Adobe Creative Cloud® Tools
So once you have your photos and you're working on them, there's a lot of different places that you can work on them. So this is just a list of some of the places that you can work on them, and all of these are interconnected. So you've got Lightroom right at the head, these are all Adobe products. So Lightroom is where I'm gonna do everything. I'm gonna select my images, I'm gonna adjust my images, all of that stuff's gonna happen inside of Lightroom. And we're gonna delve heavily into that as we go further in our lessons today. But we work on them in light room, and then once we're done with them in Lightroom, we can share them through what's called Adobe Post, it's called Spark Post, Adobe Spark Post. It's an application that you can put on your mobile devices, and it is brilliant, because it sees all the stuff that's up there in the Cloud. So it's a little application on your phone, and when you open it up and say, "I wanna start something," it can see all of the mobile photos that...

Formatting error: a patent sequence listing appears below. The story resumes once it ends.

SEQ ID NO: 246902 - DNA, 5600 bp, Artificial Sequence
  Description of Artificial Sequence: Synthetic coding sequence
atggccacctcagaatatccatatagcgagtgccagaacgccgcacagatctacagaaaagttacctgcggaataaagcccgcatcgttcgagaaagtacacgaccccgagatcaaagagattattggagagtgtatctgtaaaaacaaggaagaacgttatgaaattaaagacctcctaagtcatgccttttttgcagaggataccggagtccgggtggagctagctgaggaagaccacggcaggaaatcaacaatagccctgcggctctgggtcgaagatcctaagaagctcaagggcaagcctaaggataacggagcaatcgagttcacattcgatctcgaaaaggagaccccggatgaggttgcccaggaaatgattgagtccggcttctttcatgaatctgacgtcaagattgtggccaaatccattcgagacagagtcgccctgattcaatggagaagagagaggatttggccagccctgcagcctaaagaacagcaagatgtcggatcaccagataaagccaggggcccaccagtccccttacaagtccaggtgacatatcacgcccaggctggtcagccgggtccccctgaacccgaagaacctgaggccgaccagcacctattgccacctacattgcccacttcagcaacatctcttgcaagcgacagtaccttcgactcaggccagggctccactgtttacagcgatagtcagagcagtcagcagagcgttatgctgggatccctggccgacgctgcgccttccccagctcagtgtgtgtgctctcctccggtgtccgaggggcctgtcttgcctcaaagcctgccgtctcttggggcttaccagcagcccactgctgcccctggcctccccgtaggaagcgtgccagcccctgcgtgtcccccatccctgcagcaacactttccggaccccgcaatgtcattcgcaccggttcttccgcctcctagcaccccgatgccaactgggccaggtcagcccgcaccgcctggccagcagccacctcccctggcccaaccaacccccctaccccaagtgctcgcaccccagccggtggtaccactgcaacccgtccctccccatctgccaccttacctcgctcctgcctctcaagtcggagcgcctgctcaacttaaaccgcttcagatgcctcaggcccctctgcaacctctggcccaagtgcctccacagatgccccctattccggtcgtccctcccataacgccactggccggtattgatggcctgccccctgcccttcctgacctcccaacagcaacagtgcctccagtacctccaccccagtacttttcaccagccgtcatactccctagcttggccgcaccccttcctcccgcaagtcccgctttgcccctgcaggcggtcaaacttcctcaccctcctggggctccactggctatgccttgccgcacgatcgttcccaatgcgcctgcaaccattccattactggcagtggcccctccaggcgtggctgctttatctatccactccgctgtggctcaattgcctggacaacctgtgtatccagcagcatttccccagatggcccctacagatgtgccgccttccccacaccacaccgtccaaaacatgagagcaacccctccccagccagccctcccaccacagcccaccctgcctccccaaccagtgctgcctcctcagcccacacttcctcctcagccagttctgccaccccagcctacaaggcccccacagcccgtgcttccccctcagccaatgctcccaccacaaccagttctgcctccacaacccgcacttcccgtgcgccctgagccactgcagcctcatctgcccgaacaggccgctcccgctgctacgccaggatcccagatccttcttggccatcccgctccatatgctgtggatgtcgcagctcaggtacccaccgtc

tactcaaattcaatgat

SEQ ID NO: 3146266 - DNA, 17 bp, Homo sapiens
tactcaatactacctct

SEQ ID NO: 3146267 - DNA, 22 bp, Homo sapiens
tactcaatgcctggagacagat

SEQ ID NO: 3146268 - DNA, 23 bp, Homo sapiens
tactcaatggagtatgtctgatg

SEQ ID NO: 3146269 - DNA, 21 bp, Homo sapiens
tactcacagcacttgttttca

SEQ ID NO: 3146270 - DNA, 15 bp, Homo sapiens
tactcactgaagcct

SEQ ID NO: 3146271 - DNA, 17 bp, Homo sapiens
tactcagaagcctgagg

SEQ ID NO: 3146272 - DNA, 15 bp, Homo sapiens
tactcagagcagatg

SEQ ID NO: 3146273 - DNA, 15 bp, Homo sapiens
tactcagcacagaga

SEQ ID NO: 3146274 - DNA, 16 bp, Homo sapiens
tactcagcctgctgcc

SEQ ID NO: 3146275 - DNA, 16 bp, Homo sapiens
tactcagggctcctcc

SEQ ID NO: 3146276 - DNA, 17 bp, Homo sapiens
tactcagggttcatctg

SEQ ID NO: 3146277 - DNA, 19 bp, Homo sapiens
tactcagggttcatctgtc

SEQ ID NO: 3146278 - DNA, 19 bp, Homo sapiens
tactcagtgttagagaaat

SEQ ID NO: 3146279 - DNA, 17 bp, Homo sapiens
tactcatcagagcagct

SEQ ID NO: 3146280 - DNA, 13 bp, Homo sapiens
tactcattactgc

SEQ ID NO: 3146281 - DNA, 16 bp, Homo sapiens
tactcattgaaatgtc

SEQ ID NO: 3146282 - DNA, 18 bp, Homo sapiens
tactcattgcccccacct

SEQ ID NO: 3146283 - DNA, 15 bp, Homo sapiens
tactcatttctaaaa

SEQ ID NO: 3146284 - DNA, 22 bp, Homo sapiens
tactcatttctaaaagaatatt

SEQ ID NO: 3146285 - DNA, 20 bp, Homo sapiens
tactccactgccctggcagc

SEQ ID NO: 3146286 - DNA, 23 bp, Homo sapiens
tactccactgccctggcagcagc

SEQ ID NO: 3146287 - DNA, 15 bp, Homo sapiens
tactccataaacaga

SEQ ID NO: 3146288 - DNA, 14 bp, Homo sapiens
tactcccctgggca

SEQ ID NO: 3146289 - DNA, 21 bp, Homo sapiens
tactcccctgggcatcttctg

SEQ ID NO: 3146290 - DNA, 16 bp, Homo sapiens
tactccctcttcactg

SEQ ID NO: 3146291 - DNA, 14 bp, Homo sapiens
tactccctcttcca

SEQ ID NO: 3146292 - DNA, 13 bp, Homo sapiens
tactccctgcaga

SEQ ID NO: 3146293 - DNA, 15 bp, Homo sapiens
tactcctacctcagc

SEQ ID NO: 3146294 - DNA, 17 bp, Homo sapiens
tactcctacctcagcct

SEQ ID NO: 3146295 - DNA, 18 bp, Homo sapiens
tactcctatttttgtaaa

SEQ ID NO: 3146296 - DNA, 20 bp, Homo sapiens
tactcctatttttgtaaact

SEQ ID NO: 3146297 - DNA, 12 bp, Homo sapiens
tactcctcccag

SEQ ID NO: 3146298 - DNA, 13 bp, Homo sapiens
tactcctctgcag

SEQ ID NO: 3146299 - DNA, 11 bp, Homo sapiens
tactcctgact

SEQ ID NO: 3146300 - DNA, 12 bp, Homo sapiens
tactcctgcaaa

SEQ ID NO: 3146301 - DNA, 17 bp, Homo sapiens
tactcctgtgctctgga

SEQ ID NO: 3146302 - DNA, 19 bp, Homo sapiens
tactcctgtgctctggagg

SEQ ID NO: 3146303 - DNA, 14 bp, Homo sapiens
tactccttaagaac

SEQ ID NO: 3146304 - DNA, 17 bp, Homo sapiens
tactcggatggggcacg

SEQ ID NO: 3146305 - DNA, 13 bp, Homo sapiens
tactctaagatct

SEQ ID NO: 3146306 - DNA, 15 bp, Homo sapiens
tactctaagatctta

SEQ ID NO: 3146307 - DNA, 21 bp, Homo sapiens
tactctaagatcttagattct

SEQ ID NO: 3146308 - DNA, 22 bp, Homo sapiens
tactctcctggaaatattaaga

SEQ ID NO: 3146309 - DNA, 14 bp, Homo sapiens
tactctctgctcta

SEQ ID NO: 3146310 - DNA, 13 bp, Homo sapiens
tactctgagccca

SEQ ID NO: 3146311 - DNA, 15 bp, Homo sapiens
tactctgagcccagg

you have. All of these apps can actually look into Lightroom Mobile on the web. So even if you were out and you didn't even have Lightroom on your phone here, you could go to your mobile applications like Spark Post, Spark Page, and even Clip, where we design videos and slideshows, and you can actually say, "I want to see "my photos that are on the web," 'cause they're available everywhere. And then it can steal those from the web and create all sorts of things for you, like posts. So if I want to send out a Facebook announcement but I wanna have, like, text on it and stuff, I can use Post and it'll make it and sent it for me. I don't even have to go to my social media to do it. So all of those are options available. Plus, Lightroom has the ability to send directly to Facebook, Twitter, Behance, wherever you're sending your stuff, it can send it there. So, Lightroom is the digital hub for all of your imagery, everywhere, anytime. Instead of, it used to be, before Lightroom mobile came around, and before all this kind of came together, it used to be that you would work on your photos in Lightroom here, and then you would export them to a folder and then you would synchronize that folder to your iPhone, so that later on you could then post them. And I don't understand, this is a weird thing about the way culture is right now, but I don't understand why someone doesn't make really good software for sharing on social media on a computer. They just don't. Like, all the cool applications for sharing photos and posting and stuff, they're all on your mobile devices and they're not on your computer. It's like nobody shares from their computer, they all share from iPads and iPhones, right? Well it used to be that you had to do this, you had to export and then import and do all this stuff to get that available to you to then use all the cool tricky stuff that Apple's done to help you share stuff here. But now, it's just an automatic thing. You say, "These photos need to be available "to me anywhere," and Adobe will make sure that happens. And it actually does just work, as opposed to some things in Apple that don't, right? So this really does just work, it delivers it everywhere. Okay, so any questions about this schematic, or about the Cloud or how we interface? Give me those questions.